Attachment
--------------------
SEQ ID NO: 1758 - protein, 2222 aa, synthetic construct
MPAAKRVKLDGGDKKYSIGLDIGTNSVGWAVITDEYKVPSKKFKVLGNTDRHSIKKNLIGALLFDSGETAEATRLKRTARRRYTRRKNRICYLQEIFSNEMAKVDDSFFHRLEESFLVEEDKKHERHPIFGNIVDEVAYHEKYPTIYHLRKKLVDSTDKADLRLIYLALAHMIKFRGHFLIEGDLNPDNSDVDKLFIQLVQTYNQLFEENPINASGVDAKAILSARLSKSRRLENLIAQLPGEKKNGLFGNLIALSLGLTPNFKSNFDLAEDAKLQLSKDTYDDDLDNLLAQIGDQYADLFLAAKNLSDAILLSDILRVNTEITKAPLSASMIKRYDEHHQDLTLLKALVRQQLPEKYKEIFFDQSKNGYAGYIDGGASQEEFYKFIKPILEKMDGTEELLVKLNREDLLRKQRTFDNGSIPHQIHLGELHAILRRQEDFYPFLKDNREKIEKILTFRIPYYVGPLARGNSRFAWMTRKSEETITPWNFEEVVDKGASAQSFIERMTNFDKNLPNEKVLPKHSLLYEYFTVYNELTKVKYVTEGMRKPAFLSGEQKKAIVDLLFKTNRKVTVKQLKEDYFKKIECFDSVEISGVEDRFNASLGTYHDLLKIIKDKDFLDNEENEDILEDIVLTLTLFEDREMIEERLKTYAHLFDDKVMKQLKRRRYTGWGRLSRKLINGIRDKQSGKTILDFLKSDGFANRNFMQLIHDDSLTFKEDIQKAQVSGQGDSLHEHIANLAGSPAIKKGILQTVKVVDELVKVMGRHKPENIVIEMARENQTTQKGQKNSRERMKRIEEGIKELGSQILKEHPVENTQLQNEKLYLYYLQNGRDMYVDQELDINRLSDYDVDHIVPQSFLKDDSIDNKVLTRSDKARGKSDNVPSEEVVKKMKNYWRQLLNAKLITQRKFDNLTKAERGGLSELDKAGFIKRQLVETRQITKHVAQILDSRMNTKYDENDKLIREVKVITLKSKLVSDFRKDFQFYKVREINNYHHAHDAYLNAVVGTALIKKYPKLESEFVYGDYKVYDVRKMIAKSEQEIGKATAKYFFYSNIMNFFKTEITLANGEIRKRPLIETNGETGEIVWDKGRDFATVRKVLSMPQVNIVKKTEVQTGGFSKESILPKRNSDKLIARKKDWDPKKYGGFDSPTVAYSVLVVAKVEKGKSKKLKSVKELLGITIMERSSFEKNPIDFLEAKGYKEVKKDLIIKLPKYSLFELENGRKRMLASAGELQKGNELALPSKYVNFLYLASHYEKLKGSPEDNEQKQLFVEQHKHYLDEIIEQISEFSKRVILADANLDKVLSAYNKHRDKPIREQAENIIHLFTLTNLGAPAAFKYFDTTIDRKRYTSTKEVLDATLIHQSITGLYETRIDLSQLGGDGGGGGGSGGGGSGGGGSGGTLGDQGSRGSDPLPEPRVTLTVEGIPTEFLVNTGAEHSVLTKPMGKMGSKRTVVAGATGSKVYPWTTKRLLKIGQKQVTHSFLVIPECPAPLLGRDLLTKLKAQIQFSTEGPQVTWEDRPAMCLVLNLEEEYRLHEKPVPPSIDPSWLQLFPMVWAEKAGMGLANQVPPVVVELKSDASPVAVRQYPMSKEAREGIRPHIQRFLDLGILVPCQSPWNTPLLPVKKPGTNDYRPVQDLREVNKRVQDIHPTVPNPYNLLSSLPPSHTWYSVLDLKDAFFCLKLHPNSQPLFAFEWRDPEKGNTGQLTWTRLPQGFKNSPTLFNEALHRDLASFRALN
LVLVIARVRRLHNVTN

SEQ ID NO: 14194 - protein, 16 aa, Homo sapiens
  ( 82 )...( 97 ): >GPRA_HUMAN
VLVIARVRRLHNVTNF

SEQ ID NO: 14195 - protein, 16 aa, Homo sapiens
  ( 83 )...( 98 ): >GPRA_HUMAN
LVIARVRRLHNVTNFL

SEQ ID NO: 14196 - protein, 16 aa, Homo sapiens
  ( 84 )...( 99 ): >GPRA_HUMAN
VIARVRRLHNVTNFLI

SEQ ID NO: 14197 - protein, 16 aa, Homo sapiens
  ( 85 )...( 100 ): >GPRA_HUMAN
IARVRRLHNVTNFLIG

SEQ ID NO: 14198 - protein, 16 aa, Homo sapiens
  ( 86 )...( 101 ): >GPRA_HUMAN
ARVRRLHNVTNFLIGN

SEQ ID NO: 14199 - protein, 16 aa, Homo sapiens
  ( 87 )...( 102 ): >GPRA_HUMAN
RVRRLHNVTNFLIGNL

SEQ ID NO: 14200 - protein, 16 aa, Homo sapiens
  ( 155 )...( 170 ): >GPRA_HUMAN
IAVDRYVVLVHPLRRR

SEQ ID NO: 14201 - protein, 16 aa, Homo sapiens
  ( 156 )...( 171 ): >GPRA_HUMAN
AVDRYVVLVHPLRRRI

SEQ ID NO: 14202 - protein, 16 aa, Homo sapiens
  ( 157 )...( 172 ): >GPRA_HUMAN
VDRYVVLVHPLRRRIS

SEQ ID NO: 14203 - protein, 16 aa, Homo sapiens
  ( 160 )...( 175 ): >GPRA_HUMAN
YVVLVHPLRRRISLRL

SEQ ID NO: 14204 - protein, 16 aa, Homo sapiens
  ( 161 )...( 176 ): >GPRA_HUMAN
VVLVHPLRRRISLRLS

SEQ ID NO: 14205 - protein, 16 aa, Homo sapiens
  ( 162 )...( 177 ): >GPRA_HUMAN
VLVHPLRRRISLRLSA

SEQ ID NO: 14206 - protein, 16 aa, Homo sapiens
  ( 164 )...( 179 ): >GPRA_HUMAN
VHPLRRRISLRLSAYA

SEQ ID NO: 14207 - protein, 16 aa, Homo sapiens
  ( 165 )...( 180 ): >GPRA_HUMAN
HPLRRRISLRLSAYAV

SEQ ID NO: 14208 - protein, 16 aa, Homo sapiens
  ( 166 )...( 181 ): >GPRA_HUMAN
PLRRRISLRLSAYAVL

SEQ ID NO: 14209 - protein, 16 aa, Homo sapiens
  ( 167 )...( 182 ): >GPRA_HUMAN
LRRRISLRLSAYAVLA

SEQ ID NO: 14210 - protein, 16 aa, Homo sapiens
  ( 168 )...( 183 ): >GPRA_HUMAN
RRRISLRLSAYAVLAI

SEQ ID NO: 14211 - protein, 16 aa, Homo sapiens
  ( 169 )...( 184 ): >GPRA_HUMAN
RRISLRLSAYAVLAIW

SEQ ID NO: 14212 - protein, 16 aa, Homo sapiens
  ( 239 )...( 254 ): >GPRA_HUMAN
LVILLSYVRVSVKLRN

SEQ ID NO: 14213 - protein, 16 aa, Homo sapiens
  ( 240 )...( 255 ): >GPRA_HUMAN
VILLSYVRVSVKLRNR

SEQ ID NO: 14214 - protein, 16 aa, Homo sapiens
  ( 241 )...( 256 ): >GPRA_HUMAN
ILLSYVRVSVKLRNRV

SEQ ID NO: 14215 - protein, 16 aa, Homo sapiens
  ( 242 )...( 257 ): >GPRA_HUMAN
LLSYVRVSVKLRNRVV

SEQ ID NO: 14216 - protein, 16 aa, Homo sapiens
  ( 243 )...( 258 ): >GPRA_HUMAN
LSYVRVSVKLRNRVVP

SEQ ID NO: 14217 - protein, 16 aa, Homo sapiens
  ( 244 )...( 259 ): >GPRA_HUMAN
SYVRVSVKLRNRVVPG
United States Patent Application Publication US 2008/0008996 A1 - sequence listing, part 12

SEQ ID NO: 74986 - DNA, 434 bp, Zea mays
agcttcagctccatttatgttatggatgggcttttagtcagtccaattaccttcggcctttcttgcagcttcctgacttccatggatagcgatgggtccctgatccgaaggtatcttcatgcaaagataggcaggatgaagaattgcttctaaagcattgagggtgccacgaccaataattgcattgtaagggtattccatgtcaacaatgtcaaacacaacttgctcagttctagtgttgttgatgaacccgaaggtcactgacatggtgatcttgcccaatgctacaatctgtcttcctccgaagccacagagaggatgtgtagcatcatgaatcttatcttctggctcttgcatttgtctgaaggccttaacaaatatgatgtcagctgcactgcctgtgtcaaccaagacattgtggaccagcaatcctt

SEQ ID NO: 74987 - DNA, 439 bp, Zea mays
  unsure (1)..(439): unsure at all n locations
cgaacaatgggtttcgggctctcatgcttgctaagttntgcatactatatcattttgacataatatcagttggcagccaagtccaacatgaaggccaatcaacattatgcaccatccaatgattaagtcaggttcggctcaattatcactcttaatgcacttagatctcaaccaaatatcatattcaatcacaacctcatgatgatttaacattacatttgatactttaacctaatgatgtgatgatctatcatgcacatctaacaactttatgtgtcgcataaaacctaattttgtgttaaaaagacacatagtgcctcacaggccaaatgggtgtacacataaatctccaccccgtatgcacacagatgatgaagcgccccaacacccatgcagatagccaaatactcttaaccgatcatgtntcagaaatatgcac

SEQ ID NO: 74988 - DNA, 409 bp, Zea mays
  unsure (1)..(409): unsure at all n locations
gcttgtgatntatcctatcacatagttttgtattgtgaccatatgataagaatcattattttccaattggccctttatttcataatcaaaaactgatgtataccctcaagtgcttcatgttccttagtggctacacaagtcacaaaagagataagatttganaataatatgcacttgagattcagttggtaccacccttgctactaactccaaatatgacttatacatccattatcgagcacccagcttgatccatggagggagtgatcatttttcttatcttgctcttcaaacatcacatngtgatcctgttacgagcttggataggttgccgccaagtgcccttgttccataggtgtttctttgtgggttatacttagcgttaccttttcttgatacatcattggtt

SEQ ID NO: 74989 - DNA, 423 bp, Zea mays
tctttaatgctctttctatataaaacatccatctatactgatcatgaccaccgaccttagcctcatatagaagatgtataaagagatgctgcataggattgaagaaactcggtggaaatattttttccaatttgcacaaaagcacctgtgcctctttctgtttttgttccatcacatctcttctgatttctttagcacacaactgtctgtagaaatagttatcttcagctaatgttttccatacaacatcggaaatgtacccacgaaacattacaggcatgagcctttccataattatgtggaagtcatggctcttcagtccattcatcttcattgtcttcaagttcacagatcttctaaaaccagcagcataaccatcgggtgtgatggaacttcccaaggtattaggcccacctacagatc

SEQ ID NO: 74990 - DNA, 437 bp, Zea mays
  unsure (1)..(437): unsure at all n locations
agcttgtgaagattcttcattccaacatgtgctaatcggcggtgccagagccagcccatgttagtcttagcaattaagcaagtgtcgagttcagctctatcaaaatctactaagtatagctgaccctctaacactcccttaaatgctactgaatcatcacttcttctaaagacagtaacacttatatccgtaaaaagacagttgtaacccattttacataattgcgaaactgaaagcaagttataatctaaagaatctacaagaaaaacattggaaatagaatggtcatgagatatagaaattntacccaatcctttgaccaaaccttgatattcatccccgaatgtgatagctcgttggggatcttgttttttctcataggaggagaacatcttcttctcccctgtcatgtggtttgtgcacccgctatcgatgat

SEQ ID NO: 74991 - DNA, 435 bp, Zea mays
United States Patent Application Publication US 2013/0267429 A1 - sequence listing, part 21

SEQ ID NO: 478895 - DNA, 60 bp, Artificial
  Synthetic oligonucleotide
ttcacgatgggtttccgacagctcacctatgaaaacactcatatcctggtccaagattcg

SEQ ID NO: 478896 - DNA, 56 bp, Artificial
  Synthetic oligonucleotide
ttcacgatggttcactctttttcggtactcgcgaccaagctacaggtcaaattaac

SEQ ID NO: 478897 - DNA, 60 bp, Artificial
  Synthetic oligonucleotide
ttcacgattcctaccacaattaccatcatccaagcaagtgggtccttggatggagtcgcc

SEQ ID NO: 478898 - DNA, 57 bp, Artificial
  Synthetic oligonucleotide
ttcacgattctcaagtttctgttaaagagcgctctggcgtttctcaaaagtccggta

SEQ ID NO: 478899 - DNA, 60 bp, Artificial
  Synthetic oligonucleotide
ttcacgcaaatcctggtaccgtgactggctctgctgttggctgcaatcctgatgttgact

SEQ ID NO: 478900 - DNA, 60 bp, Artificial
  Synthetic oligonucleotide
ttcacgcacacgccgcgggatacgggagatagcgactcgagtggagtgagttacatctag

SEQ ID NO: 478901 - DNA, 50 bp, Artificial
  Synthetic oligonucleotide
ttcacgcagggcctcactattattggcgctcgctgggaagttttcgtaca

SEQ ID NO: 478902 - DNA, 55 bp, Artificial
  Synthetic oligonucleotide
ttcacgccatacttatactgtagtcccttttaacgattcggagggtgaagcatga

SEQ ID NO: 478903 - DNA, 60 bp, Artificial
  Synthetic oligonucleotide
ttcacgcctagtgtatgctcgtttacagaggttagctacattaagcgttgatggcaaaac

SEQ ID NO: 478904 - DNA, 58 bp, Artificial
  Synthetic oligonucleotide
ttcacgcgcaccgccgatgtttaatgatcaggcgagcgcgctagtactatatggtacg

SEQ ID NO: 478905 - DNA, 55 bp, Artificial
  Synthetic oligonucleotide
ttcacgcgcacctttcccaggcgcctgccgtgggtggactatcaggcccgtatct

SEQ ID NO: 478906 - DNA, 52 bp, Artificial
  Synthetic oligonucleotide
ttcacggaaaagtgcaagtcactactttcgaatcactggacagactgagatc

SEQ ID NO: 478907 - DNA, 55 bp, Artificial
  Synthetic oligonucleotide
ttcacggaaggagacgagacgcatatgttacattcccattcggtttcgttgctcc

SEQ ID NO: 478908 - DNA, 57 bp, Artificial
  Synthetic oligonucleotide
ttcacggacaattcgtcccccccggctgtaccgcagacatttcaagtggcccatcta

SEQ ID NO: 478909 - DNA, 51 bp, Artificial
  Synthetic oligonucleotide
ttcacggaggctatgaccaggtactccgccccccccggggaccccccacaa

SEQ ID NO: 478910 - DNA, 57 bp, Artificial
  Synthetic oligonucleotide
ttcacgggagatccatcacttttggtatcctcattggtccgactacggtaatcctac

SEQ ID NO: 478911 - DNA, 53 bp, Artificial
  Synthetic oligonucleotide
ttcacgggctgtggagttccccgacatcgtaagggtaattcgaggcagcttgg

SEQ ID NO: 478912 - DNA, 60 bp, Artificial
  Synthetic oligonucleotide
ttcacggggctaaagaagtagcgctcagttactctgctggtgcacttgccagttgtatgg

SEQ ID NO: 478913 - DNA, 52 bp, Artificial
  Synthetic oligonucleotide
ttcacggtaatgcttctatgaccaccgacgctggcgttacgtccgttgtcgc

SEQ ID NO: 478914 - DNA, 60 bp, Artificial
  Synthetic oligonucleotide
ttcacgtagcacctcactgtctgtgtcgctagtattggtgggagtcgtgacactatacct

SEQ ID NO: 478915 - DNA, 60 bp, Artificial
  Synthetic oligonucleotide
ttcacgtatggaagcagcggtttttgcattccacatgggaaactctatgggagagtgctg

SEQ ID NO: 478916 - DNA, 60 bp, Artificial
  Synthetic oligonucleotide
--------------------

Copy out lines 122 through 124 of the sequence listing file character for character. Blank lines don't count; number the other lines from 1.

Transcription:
SEQ ID NO: 478905 - DNA, 55 bp, Artificial
  Synthetic oligonucleotide
ttcacgcgcacctttcccaggcgcctgccgtgggtggactatcaggcccgtatct